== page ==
Glucose-monitoring device still in the worksApril 14, 2010
By Sara Tirrito
Baylor researchers have made advances toward the non-invasive glucose-monitoring device they developed two years ago by creating a new sensor configuration and making their previous electronics portable. The devices can now be left in clinics to gather data for further improvements to the final device.
"People have been working on developing a noninvasive glucose sensor for 20-30 years," Dr. Randall Jean, associate professor of electrical and computer engineering, said. "There are instruments that work in the optical frequency range, there are instruments that measure the scattering of light, there are instruments that measure acoustic signals and others have looked at using the microwave frequency range, but we think our method is the one that will result in a successful instrument."
Jean said he thinks the research team's method, ultra wide band pulse dispersion spectroscopy, will eventually lead to the creation of a successful noninvasive device. He said this method sends a signal through a sensor, through a patient's hand and back through the sensor, so that the patient doesn't have to prick his finger. Then changes in the signal are measured, eventually leading to a glucose level measurement.
Jean, distinguished professor of electrical and computer engineering, Dr. Robert Marks; graduate student in electrical and computer engineering, Brandon Herrera; and Winfield, Kan., senior Joel Weinert and Waco senior Josh Daniliuc comprise the research team. In past years, graduate students Eric Green and Melanie McClung also worked on the project.
The device is not yet complete and will still have to go through clinical trials before it can potentially be marketed.
Jean said to finish designing the noninvasive device and calibrating its sensor, lots of finger prick data will be needed.
To get that data, the researchers made their electronics small enough to be distributed to various diabetic clinics. At the clinics, patients who consent to taking part in the study will give a blood sample as usual, but will also use the researchers' noninvasive instrument. The researchers will then collect the data produced by both the blood sample and the noninvasive instrument and use it to make their instrument's sensor more accurate.
Jean said the team is almost ready to have multiple copies of the electronics made and put in clinics. He expects the team to need about six months to collect data and come up with their final design, which might then be ready for clinical trials. Jean said the team needs more funding so they can prepare to put the product through clinical trials.
"In order for a diabetic to actually use this, there would be a long approval process," Jean said. "We're not ready yet to take our device and submit it to the approval process. What we're doing is we're looking for the funding to get the technology to that phase."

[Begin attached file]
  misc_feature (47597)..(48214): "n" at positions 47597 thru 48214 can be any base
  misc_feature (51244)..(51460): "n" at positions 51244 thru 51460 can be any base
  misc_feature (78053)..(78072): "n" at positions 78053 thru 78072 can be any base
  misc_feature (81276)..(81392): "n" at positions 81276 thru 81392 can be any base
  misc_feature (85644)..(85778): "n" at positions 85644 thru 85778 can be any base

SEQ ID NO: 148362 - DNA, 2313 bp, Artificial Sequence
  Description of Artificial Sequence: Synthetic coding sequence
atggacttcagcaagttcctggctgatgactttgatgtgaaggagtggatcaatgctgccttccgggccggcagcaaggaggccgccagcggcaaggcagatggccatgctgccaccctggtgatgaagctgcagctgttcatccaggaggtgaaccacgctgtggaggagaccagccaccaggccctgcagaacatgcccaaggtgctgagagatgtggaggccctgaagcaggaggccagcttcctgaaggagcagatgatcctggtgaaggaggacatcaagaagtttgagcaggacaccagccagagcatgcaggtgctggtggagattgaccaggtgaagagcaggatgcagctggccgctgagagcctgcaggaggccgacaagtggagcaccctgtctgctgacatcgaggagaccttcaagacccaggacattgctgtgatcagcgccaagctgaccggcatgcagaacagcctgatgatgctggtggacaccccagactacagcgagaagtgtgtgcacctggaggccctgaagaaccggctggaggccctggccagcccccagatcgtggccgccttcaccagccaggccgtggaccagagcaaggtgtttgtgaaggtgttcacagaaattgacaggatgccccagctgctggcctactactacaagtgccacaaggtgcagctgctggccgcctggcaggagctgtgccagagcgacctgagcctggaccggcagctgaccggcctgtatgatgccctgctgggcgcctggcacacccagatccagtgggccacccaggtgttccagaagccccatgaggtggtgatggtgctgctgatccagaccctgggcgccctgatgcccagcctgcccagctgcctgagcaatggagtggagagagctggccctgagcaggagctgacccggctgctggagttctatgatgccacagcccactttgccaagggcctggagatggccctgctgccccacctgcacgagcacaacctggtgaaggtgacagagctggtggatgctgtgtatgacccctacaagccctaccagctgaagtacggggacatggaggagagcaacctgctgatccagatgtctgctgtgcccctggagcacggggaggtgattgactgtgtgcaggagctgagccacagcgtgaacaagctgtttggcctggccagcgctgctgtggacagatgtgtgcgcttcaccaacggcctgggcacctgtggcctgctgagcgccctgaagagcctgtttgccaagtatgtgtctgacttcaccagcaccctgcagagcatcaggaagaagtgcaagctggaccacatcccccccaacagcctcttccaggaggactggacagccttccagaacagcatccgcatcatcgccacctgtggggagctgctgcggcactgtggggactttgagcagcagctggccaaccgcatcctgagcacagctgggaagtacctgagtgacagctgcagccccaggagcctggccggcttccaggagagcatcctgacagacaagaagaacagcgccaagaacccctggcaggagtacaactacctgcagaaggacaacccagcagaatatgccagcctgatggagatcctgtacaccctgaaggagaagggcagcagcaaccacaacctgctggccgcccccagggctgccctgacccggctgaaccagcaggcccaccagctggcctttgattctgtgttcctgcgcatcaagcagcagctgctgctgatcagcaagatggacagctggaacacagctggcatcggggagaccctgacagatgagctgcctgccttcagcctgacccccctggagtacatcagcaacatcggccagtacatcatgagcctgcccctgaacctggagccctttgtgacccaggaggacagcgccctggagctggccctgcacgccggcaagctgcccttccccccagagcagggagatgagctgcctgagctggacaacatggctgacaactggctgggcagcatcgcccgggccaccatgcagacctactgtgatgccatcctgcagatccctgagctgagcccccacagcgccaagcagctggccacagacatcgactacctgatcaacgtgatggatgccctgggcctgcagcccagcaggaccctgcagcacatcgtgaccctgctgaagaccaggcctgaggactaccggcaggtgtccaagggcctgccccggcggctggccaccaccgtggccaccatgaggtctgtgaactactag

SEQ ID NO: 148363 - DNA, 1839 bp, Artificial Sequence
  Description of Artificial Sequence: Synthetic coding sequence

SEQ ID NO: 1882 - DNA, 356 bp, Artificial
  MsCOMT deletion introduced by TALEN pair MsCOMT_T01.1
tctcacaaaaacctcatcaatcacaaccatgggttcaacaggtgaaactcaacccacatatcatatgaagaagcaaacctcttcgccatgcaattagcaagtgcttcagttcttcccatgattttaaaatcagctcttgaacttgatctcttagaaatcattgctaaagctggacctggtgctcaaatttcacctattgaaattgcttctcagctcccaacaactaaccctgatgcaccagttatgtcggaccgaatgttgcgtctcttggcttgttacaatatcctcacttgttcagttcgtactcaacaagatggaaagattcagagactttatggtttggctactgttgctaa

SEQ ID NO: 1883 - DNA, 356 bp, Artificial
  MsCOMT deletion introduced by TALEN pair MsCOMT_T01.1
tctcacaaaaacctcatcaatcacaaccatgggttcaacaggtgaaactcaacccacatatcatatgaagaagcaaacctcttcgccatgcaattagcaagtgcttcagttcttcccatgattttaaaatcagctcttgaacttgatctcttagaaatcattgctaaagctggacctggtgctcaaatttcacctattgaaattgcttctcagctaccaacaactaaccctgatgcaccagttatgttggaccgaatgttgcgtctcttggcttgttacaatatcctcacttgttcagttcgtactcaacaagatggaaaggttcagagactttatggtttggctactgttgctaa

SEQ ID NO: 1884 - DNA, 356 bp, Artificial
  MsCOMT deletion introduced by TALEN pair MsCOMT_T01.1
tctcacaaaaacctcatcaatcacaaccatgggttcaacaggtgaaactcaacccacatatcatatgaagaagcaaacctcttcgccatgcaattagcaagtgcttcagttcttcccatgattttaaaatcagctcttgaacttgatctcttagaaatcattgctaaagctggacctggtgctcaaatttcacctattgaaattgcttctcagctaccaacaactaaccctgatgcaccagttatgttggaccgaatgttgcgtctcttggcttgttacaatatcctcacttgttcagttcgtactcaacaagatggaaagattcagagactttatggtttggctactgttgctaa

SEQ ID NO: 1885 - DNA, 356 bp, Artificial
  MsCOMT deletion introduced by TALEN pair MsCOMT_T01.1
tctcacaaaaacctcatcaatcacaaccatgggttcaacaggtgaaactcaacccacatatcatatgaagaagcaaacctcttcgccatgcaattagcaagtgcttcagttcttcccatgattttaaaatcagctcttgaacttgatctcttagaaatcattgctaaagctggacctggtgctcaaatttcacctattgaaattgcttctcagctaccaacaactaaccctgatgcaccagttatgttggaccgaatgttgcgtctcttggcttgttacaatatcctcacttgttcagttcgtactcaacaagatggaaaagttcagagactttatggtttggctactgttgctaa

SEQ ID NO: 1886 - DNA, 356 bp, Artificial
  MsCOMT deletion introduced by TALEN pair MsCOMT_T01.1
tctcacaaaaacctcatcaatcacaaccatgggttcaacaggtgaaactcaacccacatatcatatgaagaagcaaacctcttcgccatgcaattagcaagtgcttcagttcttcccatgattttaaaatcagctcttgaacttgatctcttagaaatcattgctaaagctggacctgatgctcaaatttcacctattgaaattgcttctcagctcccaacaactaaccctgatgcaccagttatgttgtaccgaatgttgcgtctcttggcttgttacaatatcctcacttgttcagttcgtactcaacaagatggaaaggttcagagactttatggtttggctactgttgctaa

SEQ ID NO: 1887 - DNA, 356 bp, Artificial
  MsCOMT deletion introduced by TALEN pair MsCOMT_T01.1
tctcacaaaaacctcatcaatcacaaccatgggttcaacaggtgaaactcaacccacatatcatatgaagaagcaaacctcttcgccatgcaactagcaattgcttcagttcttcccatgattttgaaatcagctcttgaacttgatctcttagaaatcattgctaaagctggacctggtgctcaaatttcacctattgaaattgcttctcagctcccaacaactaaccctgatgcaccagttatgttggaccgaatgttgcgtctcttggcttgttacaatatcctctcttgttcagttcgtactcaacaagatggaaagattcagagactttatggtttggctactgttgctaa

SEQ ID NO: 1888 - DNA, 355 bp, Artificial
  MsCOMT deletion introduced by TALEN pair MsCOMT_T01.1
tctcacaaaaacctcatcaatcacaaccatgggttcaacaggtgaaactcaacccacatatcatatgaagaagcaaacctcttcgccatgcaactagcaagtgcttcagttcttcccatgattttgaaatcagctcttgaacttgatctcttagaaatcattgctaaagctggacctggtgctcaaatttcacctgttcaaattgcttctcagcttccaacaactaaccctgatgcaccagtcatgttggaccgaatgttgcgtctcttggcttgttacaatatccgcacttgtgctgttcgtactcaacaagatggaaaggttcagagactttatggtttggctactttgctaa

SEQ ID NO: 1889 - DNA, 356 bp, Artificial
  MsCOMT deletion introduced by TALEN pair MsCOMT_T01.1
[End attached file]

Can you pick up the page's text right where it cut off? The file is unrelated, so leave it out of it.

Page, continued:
Herrera, who has being working on the project's measurement system and cost reduction aspects for more than two years, said the device could be important in getting diabetics to test themselves more often due to convenience.
"The health consequences are immense," Herrera said. "A lot of diabetics don't do proper monitoring because it's an inconvenience. They don't take their treatment as seriously, but if it's something easier to do, they'll do it more frequently."
He said the noninvasive device would be cheaper to use than other meters because no test strips would be involved, which might also encourage diabetics to test more often.
"I think the National Institute of Health stated that the average diabetic spends $300 a year on diabetic test strips," Herrera said, "so without that associated cost, they'd be more inclined to check their glucose a lot more frequently."
Dr. Benjamin Kelley, engineering and computer science dean, said he hopes to see the final product improve the lives of those who use it and to see more research done on the device in the future.
"I hope to see widespread distribution to make a positive influence on the lifestyles of many people, and then second I would hope this would bring good recognition to Dr. Jean and to Baylor and for the opportunity for follow-up research studies," Kelley said. "Not research on patients necessarily as much as research on the technology and the device."
Jean said he is also considering creating a bracelet-type device for diabetics to wear at night that could alert them if their glucose levels were getting low. The bracelet would use the same sensor technology as the meter, but would not give an actual glucose reading. Jean believes that could allow it to be marketed more quickly than the meter, because the bracelet would have to meet lower approval standards before it could reach consumers.
"That might be a first product that could actually be made commercially available because the standard of approval would be less," Jean said. "That kind of instrument would be the same, just the sensor would sound an alarm rather than reporting a glucose reading."